Massachusetts Hospitals Report Rare Cases of Coronavirus-Related Illness in Children

A mysterious, potentially deadly coronavirus-related illness in children is now reported in Massachusetts.

Boston Children's Hospital and Bay State Medical Center in Springfield have both reporting treating patients with pediatric multi-system inflammatory syndrome. It's a disorder that was unknown until a few weeks ago.

It's a new, rare complication from the coronavirus where doctors believe that a child's immune system overreacts after fighting the virus, causing inflammation that affects various parts of the body and, in few instances, can be deadly.

"It's as if the immune system is overactive and is causing inflammation in children's bodies," said Dr. Jeffrey Burns, Chief of Critical Care at Boston Children's Hospital. "We're encouraged that the children we have seen have recovered — and recovered well  — and are not in the intensive care unit."

Boston Children's Hospital has treated six children believed to have the syndrome, some of whom required treatment in the intensive care unit. Bay State Medical Center released a statement saying it has seen "a few" children with symptoms of the syndrome.

The main symptoms of pediatric multi-system inflammatory syndrome are high persistent fever, a rash, lethargy and loss of appetite. Burns said a child with the syndrome would be obviously sick.

"This is not subtle," Burns said. "It will come on gradually but parents will notice that a child is clearly ill."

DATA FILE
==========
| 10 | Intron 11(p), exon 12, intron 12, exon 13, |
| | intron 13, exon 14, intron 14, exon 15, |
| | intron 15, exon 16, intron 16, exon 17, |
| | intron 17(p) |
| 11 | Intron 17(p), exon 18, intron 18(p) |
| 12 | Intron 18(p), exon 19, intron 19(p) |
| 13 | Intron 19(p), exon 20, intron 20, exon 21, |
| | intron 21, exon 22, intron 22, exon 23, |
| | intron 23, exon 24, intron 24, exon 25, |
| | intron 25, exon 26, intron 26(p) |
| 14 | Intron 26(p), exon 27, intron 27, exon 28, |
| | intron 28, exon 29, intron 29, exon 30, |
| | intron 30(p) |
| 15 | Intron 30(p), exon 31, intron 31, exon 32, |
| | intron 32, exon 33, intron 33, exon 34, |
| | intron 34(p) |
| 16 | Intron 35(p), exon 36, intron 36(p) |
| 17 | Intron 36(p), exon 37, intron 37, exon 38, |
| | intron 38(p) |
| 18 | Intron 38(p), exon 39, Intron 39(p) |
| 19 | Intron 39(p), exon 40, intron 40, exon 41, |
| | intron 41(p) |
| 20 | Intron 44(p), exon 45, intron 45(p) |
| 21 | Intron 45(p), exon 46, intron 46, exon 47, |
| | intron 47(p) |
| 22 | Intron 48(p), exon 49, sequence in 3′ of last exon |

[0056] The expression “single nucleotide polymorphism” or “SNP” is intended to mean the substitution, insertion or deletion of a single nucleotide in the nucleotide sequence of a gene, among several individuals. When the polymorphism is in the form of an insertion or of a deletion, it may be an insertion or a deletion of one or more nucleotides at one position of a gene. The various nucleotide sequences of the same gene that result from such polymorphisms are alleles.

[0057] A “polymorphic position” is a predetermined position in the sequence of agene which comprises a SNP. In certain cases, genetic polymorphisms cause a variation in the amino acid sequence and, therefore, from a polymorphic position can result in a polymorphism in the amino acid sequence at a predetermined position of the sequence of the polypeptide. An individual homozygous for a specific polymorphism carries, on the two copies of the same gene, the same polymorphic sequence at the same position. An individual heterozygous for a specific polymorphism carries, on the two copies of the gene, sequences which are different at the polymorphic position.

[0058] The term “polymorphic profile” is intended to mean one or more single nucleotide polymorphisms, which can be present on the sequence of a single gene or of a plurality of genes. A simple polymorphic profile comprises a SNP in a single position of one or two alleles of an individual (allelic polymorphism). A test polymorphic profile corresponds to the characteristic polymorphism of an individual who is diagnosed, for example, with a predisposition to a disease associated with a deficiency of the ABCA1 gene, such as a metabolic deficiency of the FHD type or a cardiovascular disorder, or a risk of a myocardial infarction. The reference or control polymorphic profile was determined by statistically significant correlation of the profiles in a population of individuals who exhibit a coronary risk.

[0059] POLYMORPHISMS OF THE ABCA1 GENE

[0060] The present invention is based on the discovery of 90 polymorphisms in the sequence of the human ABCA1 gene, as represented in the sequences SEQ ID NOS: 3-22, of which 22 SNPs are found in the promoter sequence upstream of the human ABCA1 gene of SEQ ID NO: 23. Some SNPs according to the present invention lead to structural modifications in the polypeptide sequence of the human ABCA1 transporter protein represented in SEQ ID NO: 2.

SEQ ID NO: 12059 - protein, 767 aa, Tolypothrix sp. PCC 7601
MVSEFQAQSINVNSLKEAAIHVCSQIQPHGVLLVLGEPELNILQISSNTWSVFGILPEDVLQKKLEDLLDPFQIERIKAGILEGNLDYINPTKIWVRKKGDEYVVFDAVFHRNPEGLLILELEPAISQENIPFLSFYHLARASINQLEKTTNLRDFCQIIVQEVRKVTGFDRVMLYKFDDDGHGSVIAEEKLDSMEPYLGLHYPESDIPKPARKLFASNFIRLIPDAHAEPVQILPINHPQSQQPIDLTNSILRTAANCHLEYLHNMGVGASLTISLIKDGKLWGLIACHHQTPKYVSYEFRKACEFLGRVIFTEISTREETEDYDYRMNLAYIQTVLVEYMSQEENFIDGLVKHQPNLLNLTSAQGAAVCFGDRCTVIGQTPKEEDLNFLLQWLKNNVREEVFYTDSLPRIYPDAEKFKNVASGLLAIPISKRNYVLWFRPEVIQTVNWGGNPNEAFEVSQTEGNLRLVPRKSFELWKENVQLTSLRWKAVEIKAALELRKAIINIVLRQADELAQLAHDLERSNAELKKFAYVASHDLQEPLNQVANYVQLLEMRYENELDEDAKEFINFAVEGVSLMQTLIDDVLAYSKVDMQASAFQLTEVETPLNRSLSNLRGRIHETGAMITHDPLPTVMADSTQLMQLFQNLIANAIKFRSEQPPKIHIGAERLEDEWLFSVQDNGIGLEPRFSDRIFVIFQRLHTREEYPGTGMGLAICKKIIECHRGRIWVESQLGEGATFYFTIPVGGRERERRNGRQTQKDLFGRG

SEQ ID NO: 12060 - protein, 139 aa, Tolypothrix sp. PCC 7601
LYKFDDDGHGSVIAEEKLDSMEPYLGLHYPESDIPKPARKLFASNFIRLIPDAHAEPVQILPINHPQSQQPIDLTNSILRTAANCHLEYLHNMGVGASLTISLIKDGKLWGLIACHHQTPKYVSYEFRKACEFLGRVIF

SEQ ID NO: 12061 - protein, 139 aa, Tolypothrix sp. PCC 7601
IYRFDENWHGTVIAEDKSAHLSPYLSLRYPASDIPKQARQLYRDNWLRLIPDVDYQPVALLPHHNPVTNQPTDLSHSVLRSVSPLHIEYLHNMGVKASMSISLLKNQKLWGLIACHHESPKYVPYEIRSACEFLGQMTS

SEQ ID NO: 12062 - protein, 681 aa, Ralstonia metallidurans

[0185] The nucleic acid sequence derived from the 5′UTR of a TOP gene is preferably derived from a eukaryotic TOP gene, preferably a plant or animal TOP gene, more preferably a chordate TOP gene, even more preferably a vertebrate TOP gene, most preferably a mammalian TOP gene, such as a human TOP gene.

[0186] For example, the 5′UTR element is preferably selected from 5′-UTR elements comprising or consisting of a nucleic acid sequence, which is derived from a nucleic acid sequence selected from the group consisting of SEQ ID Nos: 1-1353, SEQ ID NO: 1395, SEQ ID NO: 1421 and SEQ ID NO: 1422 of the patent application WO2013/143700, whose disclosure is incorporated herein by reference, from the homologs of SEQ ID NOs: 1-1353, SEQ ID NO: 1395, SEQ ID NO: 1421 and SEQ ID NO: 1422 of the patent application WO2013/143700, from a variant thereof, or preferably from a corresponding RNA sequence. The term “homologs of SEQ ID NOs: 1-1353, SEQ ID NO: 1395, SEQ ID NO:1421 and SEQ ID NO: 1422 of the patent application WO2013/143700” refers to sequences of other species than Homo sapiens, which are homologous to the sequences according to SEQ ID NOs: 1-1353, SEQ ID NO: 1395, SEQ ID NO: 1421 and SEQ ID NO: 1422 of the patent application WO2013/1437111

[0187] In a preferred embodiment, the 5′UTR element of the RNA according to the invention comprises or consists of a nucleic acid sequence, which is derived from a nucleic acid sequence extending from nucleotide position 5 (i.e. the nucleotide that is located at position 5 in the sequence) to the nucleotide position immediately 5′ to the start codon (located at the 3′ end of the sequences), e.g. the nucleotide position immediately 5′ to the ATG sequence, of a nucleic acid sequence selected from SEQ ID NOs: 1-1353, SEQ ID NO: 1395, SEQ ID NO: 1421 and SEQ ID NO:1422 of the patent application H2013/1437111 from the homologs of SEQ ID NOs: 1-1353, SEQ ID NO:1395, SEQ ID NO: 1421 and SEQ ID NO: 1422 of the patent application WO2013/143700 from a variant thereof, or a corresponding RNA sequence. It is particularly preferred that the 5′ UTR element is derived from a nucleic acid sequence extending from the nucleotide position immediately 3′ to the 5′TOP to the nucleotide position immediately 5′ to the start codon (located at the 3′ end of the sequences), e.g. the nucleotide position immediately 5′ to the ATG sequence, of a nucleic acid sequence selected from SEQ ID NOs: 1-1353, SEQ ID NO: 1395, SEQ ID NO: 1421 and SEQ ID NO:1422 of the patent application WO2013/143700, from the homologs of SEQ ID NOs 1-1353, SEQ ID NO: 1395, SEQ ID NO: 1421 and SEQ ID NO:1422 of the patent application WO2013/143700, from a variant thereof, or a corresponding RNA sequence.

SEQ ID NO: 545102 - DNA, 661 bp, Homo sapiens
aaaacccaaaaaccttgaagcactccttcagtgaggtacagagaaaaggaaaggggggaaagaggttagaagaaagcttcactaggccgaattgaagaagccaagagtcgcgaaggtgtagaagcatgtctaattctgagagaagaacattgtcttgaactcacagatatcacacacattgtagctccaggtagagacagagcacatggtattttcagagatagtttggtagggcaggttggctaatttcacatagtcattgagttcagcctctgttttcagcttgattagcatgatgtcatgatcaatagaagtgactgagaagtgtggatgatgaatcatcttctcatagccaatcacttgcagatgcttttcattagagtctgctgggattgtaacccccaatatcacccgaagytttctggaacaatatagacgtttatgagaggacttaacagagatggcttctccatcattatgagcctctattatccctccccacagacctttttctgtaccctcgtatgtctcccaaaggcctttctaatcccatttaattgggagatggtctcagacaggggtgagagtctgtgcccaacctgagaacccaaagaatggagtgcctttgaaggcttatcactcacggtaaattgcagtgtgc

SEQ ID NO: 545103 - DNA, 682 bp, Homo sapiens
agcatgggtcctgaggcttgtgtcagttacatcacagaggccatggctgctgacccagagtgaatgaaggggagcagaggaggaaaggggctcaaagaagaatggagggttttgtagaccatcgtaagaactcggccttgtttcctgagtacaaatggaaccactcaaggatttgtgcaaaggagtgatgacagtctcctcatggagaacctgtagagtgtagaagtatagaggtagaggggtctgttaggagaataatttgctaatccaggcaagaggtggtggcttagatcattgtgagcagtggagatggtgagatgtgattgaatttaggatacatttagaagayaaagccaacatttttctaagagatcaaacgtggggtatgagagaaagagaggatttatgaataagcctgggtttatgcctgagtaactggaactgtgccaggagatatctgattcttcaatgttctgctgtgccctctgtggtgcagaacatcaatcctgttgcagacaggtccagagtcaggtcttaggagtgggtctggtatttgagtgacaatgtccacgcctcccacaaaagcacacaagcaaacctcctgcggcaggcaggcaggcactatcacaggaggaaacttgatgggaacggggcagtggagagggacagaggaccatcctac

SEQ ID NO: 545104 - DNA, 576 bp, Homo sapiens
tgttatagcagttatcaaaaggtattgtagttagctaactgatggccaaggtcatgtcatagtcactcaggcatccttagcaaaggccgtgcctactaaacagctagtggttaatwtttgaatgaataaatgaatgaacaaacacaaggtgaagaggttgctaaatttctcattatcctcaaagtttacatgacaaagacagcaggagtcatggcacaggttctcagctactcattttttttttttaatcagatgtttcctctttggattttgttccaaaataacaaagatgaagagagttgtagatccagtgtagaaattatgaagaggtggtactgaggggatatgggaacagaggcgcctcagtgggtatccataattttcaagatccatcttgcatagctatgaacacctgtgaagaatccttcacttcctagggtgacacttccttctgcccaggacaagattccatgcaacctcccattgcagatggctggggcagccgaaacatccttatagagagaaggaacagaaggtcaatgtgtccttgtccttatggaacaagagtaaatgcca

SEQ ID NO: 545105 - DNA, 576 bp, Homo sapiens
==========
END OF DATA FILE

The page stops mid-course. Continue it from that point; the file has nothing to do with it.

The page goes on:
There are treatments for the syndrome, depending on which parts of the body are affected, Burns said. In some cases it's been described as similar to Kawasaki disease, which causes inflammation of the blood vessels and could potentially affect a patient's heart.

"This is infrequent but we do have treatments for this," Burns said. "In the severe form, where it affects the heart as it does with Kawasaki patients, then we do have treatments for that as well."

The syndrome was first reported in Europe about six weeks ago among children who had symptoms that seemed to overlap with COVID-19. Burns said it's believed that this is a post-viral syndrome that comes on four to six weeks after the peak of the coronavirus in a population. New York has reported dozens of cases of the syndrome, and three children are believed to have died from it.

Burns said Boston Children's Hospital is helping to lead Centers for Disease Control and Prevention research into the syndrome. A Massachusetts Department of Public Health spokesperson said the state is collecting data from hospitals about the occurrence of the virus.

A recent study published in the journal JAMA Pediatrics looked at children with COVID-19 who required intensive care treatment. It looked at 48 children in pediatric intensive care units in the U.S. and found that most of the children had preexisting medical conditions and had better hospital outcomes compared to adults.

"Children rarely become critically ill from COVID-19, but a few do," Burns said. "So too with this. It's relatively infrequent, and children by and large are able to get through it, and most do not need to come in to the ICU or need a ventilator, and most can be treated."

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Deborah Becker Host/Reporter
Deborah Becker is a senior correspondent and host at WBUR. Her reporting focuses on mental health, criminal justice and education.



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